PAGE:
That’s how much the FAO estimates is lost per year due to “waste” and “losses”
- Industrialized and developing countries dissipate roughly the same quantities of food — respectively 670 and 630 million tonnes.
- Every year, consumers in rich countries waste almost as much food (222 million tonnes) as the entire net food production of sub-Saharan Africa (230 million tonnes).
- Fruits and vegetables, plus roots and tubers have the highest wastage rates of any food.
- The amount of food lost or wasted every year is equivalent to more than half of the world’s annual cereals crop (2.3 billion tonnes in 2009/2010).
I wondered which is easier, to try and improve crop yields through better breeding and agronomic practices, or technology & practices to reduce post harvest lossses?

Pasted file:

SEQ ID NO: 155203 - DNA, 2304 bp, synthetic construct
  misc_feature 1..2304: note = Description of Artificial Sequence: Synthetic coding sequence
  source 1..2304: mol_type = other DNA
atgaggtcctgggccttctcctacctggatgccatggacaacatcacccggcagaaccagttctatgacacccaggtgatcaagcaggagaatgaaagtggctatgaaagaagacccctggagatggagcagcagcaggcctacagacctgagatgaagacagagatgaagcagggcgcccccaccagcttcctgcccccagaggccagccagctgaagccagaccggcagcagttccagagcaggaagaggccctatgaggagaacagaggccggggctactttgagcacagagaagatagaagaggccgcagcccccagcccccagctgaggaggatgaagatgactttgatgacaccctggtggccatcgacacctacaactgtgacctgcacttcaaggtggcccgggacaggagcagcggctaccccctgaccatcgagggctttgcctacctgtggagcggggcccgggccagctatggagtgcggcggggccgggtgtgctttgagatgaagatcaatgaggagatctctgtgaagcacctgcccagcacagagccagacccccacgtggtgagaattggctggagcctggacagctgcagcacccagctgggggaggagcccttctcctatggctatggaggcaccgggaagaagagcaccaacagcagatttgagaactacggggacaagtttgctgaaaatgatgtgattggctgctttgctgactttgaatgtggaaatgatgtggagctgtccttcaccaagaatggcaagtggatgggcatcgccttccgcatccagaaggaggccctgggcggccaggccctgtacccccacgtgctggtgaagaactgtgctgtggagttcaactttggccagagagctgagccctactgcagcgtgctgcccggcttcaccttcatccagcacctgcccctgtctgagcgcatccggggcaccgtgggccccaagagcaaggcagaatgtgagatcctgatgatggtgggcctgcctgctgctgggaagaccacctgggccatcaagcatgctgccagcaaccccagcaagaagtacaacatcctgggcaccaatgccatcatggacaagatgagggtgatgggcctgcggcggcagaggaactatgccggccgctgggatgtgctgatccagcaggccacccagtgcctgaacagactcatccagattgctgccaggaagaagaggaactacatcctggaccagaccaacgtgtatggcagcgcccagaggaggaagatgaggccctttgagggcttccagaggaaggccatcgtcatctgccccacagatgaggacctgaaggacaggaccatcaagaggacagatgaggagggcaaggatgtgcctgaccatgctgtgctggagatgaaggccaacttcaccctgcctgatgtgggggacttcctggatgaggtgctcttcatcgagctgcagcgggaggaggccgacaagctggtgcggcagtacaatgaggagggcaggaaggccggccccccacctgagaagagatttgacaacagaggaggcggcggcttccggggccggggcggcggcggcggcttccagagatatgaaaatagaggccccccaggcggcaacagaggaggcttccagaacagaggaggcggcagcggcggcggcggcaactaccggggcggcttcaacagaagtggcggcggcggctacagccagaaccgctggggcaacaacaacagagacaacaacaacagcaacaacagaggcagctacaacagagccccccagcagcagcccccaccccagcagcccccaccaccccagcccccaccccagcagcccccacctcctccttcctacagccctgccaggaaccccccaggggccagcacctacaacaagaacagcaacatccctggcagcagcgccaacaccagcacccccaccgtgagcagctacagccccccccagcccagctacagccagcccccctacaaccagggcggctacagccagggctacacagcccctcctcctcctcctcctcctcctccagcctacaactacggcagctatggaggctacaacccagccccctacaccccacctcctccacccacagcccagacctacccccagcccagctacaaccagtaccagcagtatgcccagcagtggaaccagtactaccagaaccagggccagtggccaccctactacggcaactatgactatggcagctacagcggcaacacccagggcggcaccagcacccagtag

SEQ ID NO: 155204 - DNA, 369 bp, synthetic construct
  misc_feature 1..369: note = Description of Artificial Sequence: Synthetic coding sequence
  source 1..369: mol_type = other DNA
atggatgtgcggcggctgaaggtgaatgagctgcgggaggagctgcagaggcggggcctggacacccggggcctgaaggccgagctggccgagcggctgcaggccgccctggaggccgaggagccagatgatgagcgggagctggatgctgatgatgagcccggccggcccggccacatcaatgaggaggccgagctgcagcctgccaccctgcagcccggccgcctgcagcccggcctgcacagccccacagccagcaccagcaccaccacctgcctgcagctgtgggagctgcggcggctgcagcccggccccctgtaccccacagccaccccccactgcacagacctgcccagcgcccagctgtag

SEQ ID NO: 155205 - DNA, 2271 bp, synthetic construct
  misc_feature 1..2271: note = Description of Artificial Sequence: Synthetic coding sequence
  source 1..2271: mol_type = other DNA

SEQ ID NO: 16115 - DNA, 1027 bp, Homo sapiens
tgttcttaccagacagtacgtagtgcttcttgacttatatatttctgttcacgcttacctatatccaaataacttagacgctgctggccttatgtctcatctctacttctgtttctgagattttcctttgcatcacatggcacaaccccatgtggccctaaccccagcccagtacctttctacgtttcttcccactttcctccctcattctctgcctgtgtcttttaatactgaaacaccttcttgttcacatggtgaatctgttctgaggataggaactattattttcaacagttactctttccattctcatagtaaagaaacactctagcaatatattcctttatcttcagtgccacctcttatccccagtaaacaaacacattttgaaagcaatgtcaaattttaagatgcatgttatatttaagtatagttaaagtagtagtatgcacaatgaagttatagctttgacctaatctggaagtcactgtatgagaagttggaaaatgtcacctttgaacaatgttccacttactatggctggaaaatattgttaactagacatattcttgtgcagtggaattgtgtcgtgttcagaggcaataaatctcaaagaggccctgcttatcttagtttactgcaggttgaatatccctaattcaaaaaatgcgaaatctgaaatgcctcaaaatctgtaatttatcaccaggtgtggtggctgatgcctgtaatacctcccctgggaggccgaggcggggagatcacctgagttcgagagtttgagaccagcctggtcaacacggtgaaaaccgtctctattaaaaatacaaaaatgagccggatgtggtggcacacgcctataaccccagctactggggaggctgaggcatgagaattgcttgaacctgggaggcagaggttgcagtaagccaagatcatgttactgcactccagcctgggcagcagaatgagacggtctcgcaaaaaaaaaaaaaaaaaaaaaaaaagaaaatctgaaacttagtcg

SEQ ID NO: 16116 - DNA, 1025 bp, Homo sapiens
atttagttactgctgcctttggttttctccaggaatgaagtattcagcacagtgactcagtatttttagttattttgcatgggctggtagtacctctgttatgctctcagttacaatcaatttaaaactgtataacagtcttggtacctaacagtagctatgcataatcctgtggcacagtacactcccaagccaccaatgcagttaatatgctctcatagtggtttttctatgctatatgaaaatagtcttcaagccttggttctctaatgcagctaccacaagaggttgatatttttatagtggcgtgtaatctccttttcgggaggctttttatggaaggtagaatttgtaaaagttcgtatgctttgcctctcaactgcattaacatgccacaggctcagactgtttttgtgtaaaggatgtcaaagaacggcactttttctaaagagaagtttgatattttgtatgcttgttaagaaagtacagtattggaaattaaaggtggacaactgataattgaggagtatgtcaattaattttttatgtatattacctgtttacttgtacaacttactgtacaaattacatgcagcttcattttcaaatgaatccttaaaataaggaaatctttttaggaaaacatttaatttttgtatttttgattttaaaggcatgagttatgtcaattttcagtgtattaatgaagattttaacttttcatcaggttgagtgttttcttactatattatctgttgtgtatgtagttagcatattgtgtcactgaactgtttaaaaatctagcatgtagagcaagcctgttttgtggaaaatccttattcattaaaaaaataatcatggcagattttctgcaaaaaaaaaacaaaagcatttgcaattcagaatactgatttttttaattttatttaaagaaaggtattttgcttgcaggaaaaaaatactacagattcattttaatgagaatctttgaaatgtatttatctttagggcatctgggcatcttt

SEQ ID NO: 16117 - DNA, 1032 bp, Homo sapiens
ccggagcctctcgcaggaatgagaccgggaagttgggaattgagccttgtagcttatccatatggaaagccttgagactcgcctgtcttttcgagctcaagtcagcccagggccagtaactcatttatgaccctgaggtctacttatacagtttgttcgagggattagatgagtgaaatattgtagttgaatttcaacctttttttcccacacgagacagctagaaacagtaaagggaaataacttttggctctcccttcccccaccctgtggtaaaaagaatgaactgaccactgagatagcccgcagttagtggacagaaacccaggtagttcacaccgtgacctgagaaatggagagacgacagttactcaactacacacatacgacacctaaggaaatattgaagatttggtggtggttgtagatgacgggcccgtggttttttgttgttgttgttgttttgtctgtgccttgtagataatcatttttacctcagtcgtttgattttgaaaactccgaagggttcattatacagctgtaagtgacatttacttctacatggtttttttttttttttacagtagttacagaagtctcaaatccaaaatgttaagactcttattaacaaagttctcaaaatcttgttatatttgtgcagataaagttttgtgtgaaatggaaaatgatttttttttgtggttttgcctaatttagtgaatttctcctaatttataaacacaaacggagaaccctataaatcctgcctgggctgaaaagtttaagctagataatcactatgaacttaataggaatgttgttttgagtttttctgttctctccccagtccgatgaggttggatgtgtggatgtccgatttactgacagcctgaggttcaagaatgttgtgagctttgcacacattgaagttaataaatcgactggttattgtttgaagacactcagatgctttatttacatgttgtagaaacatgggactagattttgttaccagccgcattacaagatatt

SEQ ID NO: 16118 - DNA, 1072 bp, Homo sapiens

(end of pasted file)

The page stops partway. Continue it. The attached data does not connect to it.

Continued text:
If you take a look at the report (I promise, it isn’t too long or boring), the answer to this question really depends on what crop you are considering. Furthermore, they don’t try to estimate crop losses due to disease etc that would be affected by better breeding etc. What they call “agriculture” is actually harvesting and “postharvest” is mostly storage. Looks like we’ve done a great job of minimizing losses in the field for cereal crops:
But for others, like roots and tubers, it looks like there is as much, if not more room for improvement in the field as postharvest. I may be missing some nuances in making sweeping conclusions like this. Maybe roots and tubers always inherently have higher loss rates or are technically harder to harvest? Even more so in Industrialized Asia?